Question from Lisa: I have a Jeep Wrangler that has about 30,000 miles on it. The manufacturer’s warranty will be expiring in a few months.
I just learned that I’ll soon have to start doing a lot of traveling for my job and I’m concerned about my car breaking down and leaving me stuck with a big repair bill.
I like this car a lot and I’d really like to get some kind of extended warranty on it. I’ve been seeing the commercials for Car Shield and they claim to cover anything that can go wrong.
My question: Is Car Shield a good deal?
Rick’s answer: I’ve been seeing those commercials too Lisa, and they do make it sound like getting coverage from Car Shield should be a no-brainer.
I can’t answer your question based on my own personal experience with Car Shield because I’ve never done business with them.
However, I have checked them out pretty thoroughly, and this is what I found out:
1 – While most Car Shield plans do cover the drive train (engine and transmission), those options are relatively expensive.
Their most affordable option (the “Aluminum” plan) just covers electrical and computer related problems, but it’s still likely to set you back upwards of $80 per month.
If you go with an Aluminum plan and something happens to the engine, transmission or some other mechanical part you’ll be out of luck because those items won’t be covered.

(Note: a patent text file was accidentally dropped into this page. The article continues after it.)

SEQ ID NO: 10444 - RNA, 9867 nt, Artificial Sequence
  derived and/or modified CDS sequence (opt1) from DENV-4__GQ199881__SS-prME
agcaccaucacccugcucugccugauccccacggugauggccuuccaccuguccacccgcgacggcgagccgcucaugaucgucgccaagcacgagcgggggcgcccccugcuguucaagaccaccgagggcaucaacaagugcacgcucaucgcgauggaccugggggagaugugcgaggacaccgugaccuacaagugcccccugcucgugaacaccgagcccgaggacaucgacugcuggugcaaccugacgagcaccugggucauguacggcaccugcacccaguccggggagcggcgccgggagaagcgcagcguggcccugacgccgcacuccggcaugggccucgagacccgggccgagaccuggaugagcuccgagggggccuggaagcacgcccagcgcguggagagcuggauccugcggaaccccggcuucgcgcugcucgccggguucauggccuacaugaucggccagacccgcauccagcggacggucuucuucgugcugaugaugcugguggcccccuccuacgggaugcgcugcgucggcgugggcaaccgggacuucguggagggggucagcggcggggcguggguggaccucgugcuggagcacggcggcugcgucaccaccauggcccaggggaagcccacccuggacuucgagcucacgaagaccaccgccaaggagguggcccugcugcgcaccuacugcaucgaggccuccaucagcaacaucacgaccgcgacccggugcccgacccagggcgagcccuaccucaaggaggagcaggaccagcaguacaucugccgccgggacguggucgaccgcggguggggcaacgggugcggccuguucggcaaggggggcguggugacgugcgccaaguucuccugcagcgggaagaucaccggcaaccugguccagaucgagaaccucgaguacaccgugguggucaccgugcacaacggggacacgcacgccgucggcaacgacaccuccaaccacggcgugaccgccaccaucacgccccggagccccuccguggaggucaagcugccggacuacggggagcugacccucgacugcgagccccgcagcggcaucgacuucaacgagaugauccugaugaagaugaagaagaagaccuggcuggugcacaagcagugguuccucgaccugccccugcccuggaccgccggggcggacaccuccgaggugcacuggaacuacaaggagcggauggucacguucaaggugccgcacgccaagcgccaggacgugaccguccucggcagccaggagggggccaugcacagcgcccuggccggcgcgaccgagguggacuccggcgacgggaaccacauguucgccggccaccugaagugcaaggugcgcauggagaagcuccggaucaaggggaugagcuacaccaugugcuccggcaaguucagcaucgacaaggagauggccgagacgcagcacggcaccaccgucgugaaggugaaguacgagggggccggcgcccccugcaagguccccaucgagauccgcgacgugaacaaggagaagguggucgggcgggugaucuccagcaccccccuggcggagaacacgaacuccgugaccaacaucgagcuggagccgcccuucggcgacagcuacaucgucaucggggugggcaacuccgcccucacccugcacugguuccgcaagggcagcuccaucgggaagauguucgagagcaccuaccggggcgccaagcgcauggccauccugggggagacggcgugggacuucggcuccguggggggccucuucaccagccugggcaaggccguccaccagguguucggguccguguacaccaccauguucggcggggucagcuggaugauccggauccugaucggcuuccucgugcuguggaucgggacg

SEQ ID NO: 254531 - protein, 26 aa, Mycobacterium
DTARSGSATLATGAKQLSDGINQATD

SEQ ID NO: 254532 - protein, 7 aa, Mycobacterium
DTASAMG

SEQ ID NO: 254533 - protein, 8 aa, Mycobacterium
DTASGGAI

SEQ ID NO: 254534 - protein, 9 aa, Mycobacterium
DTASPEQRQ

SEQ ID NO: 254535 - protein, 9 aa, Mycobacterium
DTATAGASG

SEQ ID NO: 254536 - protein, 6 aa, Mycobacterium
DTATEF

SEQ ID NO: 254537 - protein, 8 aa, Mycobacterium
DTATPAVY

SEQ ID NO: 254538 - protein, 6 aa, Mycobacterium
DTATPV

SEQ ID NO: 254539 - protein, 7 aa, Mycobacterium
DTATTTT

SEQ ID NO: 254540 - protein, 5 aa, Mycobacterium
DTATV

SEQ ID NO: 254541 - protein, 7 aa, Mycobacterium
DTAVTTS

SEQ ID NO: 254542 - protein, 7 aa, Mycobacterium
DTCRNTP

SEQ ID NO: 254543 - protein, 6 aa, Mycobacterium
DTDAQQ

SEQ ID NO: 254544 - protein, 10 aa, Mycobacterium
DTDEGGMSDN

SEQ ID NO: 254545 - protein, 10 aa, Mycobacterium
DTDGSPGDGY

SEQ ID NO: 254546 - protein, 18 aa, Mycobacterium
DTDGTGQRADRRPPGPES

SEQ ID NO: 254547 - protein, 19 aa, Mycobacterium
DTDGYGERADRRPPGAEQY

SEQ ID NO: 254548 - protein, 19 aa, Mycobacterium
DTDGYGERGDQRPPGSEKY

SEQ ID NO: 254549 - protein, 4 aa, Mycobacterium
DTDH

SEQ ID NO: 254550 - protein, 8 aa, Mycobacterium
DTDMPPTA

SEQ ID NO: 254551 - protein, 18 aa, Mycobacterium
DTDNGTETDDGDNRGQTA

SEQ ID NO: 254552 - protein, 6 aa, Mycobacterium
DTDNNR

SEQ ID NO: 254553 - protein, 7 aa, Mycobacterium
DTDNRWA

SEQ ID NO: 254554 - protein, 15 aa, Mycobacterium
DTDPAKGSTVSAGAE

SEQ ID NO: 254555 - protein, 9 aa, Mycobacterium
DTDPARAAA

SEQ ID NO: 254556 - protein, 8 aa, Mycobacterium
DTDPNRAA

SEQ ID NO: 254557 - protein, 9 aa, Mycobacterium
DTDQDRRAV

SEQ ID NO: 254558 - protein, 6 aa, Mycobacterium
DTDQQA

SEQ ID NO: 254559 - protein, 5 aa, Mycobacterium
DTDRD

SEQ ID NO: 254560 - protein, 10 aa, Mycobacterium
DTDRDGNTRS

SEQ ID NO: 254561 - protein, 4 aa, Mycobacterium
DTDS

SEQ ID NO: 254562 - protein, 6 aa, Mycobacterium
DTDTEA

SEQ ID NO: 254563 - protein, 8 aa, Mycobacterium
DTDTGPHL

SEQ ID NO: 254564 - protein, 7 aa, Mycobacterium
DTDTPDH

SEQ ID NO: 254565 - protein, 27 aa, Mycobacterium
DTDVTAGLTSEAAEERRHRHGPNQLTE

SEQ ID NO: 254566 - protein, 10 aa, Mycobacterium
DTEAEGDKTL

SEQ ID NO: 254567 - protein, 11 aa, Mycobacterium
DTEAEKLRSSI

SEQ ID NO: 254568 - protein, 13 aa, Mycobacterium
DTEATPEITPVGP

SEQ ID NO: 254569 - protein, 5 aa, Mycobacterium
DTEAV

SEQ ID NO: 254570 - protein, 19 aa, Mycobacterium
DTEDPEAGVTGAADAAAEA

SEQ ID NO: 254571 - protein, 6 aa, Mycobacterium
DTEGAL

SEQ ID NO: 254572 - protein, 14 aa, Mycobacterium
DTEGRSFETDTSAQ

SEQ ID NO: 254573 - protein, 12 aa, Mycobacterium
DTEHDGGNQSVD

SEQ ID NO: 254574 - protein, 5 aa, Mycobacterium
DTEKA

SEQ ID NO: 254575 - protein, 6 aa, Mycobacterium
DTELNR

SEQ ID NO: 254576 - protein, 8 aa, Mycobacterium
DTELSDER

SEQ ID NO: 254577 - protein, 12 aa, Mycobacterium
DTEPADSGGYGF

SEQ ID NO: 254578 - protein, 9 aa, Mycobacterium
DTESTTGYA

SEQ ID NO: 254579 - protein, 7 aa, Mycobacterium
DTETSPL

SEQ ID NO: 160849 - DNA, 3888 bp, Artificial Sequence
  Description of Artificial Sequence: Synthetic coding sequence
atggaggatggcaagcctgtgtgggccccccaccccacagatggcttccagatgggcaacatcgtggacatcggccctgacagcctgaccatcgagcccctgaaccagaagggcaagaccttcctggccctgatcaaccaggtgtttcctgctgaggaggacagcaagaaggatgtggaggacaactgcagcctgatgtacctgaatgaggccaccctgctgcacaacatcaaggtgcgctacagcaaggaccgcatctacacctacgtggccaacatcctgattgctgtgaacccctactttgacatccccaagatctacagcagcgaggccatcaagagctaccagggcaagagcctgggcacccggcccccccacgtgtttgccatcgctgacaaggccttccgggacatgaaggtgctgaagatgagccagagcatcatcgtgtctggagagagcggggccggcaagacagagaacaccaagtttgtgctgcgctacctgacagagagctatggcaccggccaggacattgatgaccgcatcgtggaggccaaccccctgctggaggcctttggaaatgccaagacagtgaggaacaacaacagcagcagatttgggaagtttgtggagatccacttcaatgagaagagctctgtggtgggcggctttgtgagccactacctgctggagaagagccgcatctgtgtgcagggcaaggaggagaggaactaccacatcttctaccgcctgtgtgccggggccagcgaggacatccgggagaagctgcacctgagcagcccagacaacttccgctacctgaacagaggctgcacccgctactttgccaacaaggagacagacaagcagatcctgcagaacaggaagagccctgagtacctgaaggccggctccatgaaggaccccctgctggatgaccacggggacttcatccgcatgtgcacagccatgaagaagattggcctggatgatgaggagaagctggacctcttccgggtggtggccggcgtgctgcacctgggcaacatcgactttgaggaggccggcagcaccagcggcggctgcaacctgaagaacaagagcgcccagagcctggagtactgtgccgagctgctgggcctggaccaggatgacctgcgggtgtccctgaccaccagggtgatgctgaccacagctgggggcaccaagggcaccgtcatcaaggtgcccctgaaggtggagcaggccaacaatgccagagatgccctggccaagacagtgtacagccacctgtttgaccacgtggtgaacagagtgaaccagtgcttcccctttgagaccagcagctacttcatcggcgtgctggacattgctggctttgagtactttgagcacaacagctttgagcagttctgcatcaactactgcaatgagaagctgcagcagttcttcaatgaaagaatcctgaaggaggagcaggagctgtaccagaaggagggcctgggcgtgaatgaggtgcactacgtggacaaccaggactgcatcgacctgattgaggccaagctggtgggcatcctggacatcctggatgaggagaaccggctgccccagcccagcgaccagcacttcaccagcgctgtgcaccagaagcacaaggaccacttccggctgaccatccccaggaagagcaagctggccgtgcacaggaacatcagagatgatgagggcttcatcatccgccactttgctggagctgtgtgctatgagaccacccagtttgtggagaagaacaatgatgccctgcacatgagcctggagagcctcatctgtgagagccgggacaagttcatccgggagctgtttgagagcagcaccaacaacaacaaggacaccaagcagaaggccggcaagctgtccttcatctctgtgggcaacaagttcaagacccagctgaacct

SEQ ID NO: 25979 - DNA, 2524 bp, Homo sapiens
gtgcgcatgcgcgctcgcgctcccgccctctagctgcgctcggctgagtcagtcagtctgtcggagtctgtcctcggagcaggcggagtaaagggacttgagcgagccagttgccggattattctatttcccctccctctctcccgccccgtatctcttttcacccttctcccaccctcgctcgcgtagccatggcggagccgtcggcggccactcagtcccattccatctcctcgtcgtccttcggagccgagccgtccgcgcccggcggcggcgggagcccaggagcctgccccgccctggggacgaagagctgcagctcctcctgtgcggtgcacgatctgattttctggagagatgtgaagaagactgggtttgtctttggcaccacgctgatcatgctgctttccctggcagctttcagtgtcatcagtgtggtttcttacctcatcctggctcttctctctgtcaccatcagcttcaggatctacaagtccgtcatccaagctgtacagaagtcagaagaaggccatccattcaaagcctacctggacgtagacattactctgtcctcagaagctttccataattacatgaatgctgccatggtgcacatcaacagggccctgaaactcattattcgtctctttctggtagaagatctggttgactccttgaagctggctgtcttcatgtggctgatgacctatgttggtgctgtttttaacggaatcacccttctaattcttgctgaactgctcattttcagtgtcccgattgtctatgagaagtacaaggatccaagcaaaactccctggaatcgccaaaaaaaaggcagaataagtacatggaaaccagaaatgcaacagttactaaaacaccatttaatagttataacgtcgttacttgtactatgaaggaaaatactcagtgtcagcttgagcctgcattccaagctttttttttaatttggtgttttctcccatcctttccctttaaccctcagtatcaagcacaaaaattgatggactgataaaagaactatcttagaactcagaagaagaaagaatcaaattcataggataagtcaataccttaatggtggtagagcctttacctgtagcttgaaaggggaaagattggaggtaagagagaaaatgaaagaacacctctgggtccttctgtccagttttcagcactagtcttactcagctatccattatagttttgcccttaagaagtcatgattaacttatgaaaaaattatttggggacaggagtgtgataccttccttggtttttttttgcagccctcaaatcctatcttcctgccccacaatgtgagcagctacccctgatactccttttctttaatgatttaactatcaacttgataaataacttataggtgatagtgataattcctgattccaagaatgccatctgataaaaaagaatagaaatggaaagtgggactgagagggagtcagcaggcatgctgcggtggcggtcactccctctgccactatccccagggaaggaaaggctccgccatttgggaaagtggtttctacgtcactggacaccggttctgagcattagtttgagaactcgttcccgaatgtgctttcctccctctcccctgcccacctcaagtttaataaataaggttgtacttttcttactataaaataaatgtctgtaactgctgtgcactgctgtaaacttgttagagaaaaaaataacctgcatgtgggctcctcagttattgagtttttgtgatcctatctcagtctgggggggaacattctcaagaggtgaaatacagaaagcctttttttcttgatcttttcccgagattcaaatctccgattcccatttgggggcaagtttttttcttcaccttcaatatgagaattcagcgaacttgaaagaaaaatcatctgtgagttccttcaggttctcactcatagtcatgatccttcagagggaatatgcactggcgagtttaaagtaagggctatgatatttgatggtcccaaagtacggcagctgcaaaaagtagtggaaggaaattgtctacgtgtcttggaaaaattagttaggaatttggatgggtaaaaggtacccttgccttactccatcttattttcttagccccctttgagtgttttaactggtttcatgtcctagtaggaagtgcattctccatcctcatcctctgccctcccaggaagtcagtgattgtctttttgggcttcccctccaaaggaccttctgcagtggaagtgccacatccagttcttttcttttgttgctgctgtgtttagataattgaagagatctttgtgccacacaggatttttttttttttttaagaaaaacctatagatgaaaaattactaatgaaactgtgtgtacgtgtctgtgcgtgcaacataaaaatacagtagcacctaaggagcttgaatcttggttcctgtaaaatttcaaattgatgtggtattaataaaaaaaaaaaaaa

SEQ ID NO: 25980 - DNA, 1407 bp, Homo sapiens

Based upon the info gleaned from my research, the average monthly cost for an extended service plan from Car Shield is about $100 per month.
2 – There is no way to get a quote for coverage from Car Shield on their website.
Instead, you have to give them your name, phone number, email address and zip code and then wait for one of their reps to contact you.
I don’t know about you, but it sounds like you’ll be getting a high-pressure sales pitch and having your personal info added to a marketing list – all just to receive a simple price quote.
3 – The Better Business Bureau (BBB) is advising consumers to be careful about dealing with Car Shield due to a steady pattern of complaints that have been lodged against the company.
Based upon the info above, my answer to your question would be no, Lisa.
I don’t believe getting extended warranty coverage for your vehicle from Car Shield would be a good deal.
But to be fair, I’m not a big fan of extended warranties in general. Just sayin’.
My recommendation: Deposit the $100 per month you would likely have to spend on a Car Shield extended warranty plan in a special savings account and use that money for nothing but car repairs.
Your Jeep currently has only 30,000 miles on it, and that’s virtually brand new in the context of reliability.
While there are no guarantees, it’s likely that you won’t have to pay for any major repairs for at least a couple of years.
By that time your savings account will have $2,400 in it which should be more than enough to cover most any repair short of an engine or transmission replacement.
And if the Jeep ends up lasting until you decide it’s time to trade it in for something newer without requiring an expensive repair you’ll have a nice bundle of cash to apply to the down payment!
Bottom line: If I were in your position I’d take a pass on Car Shield and provide my own “extended warranty” in the form of a savings account.
If you’d like a second opinion about the wisdom of dealing with Car Shield, here’s a short video review you might want to check out:
Note: As always, you can watch the video at full screen by clicking the “square” icon that will pop up in the lower-right corner of the video after it begins playing.